ALBANY, Ga. - Darton State College officials said Friday afternoon that wrestler Ben Richards was showing no brain activity, and that family members were waiting for the last relative to arrive to disconnect him from life support.
This followed a confirmation of death the college had received earlier in the day, said Tracy Goode, dean of institutional advancement and public relations at Darton.
"Although we sent an earlier statement per the Richards family, that Ben Richards has passed away, he is at this time on life support with an irreversible condition until all of the family arrives," Goode said in a revised statement late Friday afternoon.
Richards was listed in critical condition after collapsing during a wrestling practice on Sept. 4. Initially at Phoebe Putney Memorial Hospital, he was airlifted to Shands Hospital at the University of Florida in Gainesville on Sunday after he began showing signs of liver failure.
The wrestling roster on Darton's website shows that he is a graduate of Hillsborough High School in Tampa.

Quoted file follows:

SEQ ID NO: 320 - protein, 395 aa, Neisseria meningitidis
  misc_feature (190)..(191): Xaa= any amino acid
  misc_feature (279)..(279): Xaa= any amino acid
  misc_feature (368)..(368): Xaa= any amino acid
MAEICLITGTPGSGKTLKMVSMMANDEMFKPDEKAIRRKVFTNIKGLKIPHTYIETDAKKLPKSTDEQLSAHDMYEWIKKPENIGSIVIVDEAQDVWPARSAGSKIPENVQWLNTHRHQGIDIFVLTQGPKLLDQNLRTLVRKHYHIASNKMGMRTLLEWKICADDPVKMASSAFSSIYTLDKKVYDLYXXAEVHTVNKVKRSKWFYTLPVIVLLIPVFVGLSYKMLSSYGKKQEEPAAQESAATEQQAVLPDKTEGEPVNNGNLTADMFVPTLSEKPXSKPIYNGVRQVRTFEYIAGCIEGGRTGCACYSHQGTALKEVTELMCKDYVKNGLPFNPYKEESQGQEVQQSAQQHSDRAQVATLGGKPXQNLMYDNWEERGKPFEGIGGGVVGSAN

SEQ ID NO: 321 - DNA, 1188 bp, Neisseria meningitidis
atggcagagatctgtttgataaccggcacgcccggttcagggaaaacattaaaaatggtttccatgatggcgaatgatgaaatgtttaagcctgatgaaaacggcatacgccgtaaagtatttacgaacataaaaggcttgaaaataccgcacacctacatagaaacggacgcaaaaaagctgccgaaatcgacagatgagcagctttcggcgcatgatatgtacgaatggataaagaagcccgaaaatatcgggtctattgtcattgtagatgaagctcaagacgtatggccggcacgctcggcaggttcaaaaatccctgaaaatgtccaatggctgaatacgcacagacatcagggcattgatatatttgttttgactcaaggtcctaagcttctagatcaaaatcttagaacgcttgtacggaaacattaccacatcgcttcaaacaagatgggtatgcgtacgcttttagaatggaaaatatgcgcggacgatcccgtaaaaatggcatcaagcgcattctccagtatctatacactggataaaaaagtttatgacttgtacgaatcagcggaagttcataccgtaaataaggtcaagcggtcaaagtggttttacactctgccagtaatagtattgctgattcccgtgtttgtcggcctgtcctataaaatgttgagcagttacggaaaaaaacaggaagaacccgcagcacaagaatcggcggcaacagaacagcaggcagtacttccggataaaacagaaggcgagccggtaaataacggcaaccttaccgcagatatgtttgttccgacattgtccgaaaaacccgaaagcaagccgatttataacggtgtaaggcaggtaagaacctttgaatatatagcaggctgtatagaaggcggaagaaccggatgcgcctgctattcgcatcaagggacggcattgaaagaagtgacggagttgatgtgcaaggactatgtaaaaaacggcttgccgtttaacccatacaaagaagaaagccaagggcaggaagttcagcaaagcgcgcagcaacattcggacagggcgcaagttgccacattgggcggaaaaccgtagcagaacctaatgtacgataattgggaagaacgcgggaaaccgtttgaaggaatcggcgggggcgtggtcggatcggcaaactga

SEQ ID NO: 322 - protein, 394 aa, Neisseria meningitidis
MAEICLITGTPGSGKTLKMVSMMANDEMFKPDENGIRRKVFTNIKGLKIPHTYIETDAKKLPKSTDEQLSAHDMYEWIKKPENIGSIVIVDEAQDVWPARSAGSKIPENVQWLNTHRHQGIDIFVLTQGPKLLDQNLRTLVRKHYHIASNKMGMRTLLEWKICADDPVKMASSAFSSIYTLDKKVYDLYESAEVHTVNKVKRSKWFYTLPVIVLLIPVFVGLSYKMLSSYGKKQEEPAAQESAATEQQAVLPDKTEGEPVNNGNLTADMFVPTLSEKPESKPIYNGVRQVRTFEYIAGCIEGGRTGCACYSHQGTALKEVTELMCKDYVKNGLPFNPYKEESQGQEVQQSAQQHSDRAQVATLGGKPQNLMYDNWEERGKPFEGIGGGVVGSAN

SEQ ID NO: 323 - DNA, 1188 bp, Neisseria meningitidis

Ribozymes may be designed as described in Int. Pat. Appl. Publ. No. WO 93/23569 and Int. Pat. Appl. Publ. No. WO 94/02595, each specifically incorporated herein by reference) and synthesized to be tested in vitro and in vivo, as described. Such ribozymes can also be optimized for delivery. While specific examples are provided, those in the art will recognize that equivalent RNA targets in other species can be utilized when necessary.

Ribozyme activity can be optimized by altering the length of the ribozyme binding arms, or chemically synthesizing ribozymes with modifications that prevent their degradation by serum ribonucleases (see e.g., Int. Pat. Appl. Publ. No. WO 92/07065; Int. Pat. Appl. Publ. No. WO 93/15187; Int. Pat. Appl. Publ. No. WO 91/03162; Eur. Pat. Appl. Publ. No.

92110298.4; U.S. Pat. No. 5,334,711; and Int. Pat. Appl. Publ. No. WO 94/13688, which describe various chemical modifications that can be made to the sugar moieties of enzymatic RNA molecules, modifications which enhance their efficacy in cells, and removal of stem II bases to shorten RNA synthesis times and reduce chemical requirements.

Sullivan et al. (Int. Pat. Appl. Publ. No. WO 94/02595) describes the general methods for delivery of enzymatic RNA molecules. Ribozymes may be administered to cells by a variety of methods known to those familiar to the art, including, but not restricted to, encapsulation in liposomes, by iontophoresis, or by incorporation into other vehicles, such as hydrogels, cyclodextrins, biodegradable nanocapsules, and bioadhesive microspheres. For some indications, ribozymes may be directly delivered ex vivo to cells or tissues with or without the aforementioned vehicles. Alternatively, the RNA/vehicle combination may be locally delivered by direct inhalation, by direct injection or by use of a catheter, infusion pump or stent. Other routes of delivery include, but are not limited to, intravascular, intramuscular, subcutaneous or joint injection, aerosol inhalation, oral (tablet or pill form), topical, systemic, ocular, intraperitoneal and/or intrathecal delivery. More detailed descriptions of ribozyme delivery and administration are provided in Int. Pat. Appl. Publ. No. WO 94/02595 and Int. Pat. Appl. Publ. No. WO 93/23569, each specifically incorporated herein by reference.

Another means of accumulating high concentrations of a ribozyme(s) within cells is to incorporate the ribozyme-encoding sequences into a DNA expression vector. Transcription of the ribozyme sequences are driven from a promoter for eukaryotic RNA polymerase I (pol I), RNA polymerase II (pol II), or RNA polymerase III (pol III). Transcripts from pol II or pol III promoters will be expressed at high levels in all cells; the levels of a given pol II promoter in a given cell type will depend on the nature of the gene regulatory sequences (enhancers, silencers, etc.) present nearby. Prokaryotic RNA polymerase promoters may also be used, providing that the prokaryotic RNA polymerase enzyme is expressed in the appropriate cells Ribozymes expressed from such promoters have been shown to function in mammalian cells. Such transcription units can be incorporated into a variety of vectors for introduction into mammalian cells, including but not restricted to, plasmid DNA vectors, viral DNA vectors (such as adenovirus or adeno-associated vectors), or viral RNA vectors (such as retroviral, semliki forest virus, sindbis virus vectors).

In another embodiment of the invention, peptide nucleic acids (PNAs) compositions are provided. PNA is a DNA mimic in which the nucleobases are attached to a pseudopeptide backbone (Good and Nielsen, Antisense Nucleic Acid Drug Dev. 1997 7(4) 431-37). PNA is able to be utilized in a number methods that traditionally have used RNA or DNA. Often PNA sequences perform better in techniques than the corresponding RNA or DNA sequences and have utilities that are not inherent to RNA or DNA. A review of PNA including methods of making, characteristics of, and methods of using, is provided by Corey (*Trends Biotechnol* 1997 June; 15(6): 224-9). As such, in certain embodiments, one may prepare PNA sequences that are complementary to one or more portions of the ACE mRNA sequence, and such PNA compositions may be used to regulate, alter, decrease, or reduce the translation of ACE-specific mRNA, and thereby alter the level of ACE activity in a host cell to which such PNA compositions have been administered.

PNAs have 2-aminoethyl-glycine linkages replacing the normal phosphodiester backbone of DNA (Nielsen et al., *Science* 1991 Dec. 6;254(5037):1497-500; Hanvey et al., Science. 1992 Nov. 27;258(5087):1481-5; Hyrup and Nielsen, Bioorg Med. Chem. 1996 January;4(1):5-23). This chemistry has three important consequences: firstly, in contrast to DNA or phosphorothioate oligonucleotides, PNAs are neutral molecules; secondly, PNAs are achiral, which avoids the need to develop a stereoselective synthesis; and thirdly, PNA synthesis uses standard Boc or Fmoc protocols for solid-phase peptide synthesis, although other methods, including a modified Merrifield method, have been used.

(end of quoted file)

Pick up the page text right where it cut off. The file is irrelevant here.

Fellow wrestlers Jaden Smith and Alex Washington — both freshmen — also were hospitalized for heat-related illness last week. Smith has since been released, while Washington remained at Phoebe in good condition on Friday, a hospital spokeswoman said. Washington was the first to be hospitalized on Sept. 3 — the first day of practice — while Smith was sent to Phoebe the same day as Richards after both collapsed during a five-mile run outside.
After establishing a cease-all for wrestling practices immediately following the most recent hospitalizations, the team resumed its training on Wednesday. Earlier this week, James Hicks — the school’s head wrestling coach — said that practices throughout the week would be inside, and when the team was to go outside, it would be at 6 a.m.
At a news conference on Sept. 6, Darton Athletic Director Mike Kiefer said that after Washington became ill, additional water sessions were instituted the following day — as well as extra ones as the wrestlers felt they need them. They were also given more education on proper nutrition and hydration, while officials reached out to medical and training experts to see how protocols could be further modified, he said.
Phone calls to made to Hicks and Kiefer were not immediately returned Friday afternoon.